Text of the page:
Spanish Harlem’s Nathaniel De la Rosa, a.k.a Bodega Bamz, never thought he would become a staple in the new generation of Latino rappers. The Puerto Rican and Dominican MC grew up loving carne guisada and, like many Caribbean folk, was reared by a God-fearing family. Although he wasn’t always confident in expressing his orgullo, Bamz would soon learn to embrace his Latinidad, which manifested in his salsa-infused raps about running the streets of New York City.
“I wasn’t comfortable telling my friends I listen to salsa,” Bamz admitted. “When I became 21, 22-years old and started taking rap seriously, I started fusing that sound with my music.”
After releasing his breakthrough single “Don Francisco,” Bodega Bamz began to make a name for himself in the Latino community and beyond. Bamz continued to rep his culture, most uniquely, under the guise of Tan Boys, a group he co-created with his brother Ohla. VIBE Viva connected with Bamz to get a deeper understanding of what it was like for him to grow up in a Latino household and what inspired him to live up to his own life mantra, “100 Keep it.”
Unforgettable childhood memory:
Getting whooped by my pops man, with the belt. Everytime I would get in trouble man. My father used to whoop my a** every time I cursed. He used to put picante, which is hot sauce, on a plate and made me lick that sh*t. I’ll never forget that sh*t but not in a bad way. I don’t hold a grudge about it. That’s just the Latino household.”
Favorite home cooked dish:
My mom is Puerto Rican. She makes carne guisada, which is like a beef stew. She makes it with rice. It’s a popular dish for Latinos. That was my favorite sh*t. Carne Guisada with the papas and the rice. Other than that, my mom would also make steak and fries, but the Latino way.
Craziest Hispanic proverb as told by mami or abuela:
The craziest would be Revelations, the last book of the Bible. When you’re a kid growing up, like 12, 13-years old, man n*ggas start reading Revelations to you in the Bible and you won’t be able to sleep at night. Revelations is the end. They’re going to tell you everything that’s going on and about the devil. So that used to scare the sh*t out of me.
Che Guevara moment (greatest moment of rebellion):
Getting an earring. Getting a tattoo. I grew up in a Christian household so that stuff we weren’t accustomed to. So when I became of age, I wanted a tattoo, so I got one. I had to hide it from my pops for some time.
I first saw myself as Latino when…
When I started rapping. I remember growing up back in the hood, and I wanted to be black. I didn’t want to be me. I wasn’t comfortable being me. I wasn’t comfortable telling my friends I listen to salsa. When I became 21, 22-years old and started taking rap seriously, I started fusing that sound with my music. At that time I was listening to Hector Lavoe and Willy Colon and thought ‘wow these people are powerful.’ The same way they got Ray Charles, the same way they got Elvis, we got Hector Lavoe and all those people. It took me until I became an adult to be proud to be a motherf*cking Latino. That’s why me and Ohla (my older brother) made Tan Boys because we wanted to speak to those teenagers who were like me that didn’t know where to place themselves. They’re afraid to embrace that they’re Latino and the Hispanic culture. And I know how it feels.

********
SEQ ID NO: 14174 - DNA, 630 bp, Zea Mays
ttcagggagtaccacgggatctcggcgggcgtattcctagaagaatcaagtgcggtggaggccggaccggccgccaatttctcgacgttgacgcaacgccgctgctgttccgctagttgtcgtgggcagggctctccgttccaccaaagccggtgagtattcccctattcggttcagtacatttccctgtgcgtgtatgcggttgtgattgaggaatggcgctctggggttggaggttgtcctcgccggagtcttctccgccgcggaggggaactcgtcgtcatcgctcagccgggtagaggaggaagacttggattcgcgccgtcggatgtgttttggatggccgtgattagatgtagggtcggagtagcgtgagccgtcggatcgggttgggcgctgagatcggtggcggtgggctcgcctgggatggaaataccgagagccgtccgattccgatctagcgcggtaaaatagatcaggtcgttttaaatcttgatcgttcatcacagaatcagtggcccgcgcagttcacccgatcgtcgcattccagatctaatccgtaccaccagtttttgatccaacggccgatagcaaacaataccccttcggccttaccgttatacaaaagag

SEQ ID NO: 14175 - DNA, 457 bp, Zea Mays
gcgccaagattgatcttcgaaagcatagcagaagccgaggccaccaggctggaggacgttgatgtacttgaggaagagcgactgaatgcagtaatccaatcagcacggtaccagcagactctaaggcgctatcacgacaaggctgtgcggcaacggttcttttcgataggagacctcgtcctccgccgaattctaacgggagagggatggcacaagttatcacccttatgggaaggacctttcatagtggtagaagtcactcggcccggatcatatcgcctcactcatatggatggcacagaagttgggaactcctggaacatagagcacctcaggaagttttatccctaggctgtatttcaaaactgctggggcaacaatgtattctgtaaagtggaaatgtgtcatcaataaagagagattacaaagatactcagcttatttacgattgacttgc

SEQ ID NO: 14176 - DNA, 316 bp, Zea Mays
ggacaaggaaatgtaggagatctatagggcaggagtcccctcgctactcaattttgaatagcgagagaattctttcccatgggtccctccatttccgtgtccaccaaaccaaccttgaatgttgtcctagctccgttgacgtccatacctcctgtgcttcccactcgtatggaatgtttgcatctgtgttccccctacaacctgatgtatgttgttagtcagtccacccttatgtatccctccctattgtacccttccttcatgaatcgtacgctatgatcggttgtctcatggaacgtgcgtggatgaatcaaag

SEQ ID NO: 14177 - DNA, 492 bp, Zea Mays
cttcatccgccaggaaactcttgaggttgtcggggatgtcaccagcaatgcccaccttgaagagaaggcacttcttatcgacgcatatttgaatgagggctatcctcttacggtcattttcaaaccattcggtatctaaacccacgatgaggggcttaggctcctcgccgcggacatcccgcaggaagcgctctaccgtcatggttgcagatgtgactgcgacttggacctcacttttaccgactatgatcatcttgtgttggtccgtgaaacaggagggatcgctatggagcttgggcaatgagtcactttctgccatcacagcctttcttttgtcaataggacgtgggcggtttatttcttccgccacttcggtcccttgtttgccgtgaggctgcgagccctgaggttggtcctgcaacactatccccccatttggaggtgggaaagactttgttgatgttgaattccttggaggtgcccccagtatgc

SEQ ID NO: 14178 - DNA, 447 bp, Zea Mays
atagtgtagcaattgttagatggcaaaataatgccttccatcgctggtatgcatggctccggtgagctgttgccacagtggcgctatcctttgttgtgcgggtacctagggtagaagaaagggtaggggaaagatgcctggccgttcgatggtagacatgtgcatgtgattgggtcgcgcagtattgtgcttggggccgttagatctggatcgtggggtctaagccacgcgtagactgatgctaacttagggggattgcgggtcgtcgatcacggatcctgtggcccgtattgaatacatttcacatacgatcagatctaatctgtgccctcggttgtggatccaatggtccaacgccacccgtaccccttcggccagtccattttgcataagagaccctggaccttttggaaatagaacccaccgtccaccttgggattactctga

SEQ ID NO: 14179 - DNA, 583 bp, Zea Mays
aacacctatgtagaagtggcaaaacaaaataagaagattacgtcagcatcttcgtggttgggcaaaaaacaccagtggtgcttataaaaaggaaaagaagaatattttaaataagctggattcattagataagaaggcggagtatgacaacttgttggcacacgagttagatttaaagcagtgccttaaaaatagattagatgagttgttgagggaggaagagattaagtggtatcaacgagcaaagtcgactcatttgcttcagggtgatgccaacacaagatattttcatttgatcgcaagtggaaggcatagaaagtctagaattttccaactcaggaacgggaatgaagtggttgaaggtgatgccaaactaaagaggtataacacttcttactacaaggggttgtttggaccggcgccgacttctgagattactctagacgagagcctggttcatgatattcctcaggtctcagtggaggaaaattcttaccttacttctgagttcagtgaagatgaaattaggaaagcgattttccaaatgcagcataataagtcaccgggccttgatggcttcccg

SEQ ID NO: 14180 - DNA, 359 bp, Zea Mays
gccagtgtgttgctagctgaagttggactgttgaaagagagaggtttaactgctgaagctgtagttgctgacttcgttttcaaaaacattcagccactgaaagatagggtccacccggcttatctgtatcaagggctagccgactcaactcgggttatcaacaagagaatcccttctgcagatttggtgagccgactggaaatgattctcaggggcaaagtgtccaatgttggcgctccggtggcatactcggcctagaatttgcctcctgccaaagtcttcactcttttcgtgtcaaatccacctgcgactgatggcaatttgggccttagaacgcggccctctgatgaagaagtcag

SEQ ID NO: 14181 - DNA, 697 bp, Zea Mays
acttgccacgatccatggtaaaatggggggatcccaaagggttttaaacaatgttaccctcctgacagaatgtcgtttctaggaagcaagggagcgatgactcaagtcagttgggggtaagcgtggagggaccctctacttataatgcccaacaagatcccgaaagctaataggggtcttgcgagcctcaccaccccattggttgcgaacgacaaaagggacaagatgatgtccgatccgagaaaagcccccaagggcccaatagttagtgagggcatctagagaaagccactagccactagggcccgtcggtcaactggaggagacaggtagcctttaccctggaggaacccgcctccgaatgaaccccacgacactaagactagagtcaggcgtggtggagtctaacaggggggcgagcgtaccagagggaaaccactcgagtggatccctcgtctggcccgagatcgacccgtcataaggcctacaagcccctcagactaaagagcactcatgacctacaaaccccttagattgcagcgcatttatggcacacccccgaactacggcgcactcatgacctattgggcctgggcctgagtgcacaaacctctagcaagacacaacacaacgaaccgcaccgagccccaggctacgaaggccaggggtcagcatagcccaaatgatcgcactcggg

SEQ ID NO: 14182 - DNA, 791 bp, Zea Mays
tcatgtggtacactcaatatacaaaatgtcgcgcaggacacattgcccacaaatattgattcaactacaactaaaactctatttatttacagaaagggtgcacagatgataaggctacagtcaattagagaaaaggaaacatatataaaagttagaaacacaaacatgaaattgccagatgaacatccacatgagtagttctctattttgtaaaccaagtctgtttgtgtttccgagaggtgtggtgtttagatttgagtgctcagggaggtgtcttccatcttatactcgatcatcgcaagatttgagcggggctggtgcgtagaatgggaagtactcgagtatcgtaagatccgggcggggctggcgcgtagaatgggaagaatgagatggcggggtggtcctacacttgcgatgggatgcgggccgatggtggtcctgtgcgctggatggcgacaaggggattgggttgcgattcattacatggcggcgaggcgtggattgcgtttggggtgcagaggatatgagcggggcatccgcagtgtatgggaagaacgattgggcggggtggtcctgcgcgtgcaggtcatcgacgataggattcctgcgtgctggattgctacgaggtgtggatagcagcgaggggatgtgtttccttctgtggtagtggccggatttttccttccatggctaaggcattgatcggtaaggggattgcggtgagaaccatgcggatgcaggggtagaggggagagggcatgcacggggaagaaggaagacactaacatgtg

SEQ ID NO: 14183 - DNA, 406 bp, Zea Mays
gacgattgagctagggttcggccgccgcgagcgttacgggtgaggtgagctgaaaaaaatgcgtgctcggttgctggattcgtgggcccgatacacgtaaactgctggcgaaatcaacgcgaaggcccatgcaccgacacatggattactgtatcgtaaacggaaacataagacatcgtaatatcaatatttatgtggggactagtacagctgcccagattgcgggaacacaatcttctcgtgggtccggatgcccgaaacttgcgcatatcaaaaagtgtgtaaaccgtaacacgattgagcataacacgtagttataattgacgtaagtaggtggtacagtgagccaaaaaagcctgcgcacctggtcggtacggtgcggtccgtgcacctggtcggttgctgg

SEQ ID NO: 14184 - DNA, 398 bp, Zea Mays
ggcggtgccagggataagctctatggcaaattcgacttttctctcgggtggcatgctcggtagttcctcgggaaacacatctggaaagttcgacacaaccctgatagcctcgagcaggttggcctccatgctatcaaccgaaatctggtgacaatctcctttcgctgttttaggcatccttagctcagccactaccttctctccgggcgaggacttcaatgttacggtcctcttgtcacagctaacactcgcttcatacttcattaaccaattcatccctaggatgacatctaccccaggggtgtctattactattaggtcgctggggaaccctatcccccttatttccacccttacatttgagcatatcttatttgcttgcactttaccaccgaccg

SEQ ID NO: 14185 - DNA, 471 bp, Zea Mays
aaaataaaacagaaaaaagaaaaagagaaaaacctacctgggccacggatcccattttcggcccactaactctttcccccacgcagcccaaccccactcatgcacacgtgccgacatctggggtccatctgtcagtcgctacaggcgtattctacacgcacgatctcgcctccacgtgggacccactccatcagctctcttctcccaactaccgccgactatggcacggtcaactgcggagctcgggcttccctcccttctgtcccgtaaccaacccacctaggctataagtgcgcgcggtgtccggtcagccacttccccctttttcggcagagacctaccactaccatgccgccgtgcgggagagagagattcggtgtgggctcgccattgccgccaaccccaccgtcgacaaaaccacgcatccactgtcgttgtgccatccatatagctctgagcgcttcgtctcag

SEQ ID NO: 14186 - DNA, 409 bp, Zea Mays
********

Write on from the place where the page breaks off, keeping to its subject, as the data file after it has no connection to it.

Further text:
Chupacabra or El Cuco:
El Chupacabra man. That sh*t was the wave. El Cuco was like the dude in the closet. Chupacabra was like big foot. They had pictures.
Favorite Poor man’s meal:
It’s rice and eggs. Even mangu. It’s plantanos mashed up like mashed potatoes. That sh*t is like a poor man’s plate too. Put some cebollas in there or even go poorer: spam.
My mom is from this country and my father was born in DR. So only time I remember those kind of remedies was when I went to my grandma’s house. She’s from Puerto Rico. I would say instead of taking Theraflu, she would heat up Sunny D. Also when you get the rashes or burns, you put toothpaste on them. But heating up Sunny D will taste like Theruflu.
Salsa, Bachata or Reggaeton?
Salsa. Right now, Marc Anthony is the king. He’s the only one really holding it down. But you gotta go with the godfathers of this sh*t like Hector Lavoe, Ruben Bladés, Celia, and Tito Puente on the congas. I was having a conversation with my man the other day. There are a few genres that will never go away, and salsa is one of them.
Telenovela guilty pleasure:
Maria la Del Barrio, Luz Clarita, Laura. But I remember being a young kid and Maria La del Barrio come on, I could vividly remember standing in front of the TV screen at five-years old just looking at her body and thinking it was fire!
Don Francisco just because of the fact that he’s been on TV for 50 years for our people. That’s why I did the song to raise awareness because I know a lot of motherf*ckers they knew of him, but they didn’t want to talk about him. People like Pitbull and Marc Anthony are inspiring because they’re killing it in their field and they’re keeping it Latino, whether it be Pitbull always wearing suits or Marc Anthony doing what he do. I draw inspiration from everything man, and not just musicians but actors as well.
100 Keep it. It’s a phrase we use amongst each other and it sums up everything. It sums up loyalty. It sums up being real. It sums up being one with self. It sums up being honorable. It’s always keeping it 100. There’s nothing over that. 100 being the best. 100 being A plus. Always be 100 wit yourself, your people, your women, and your business.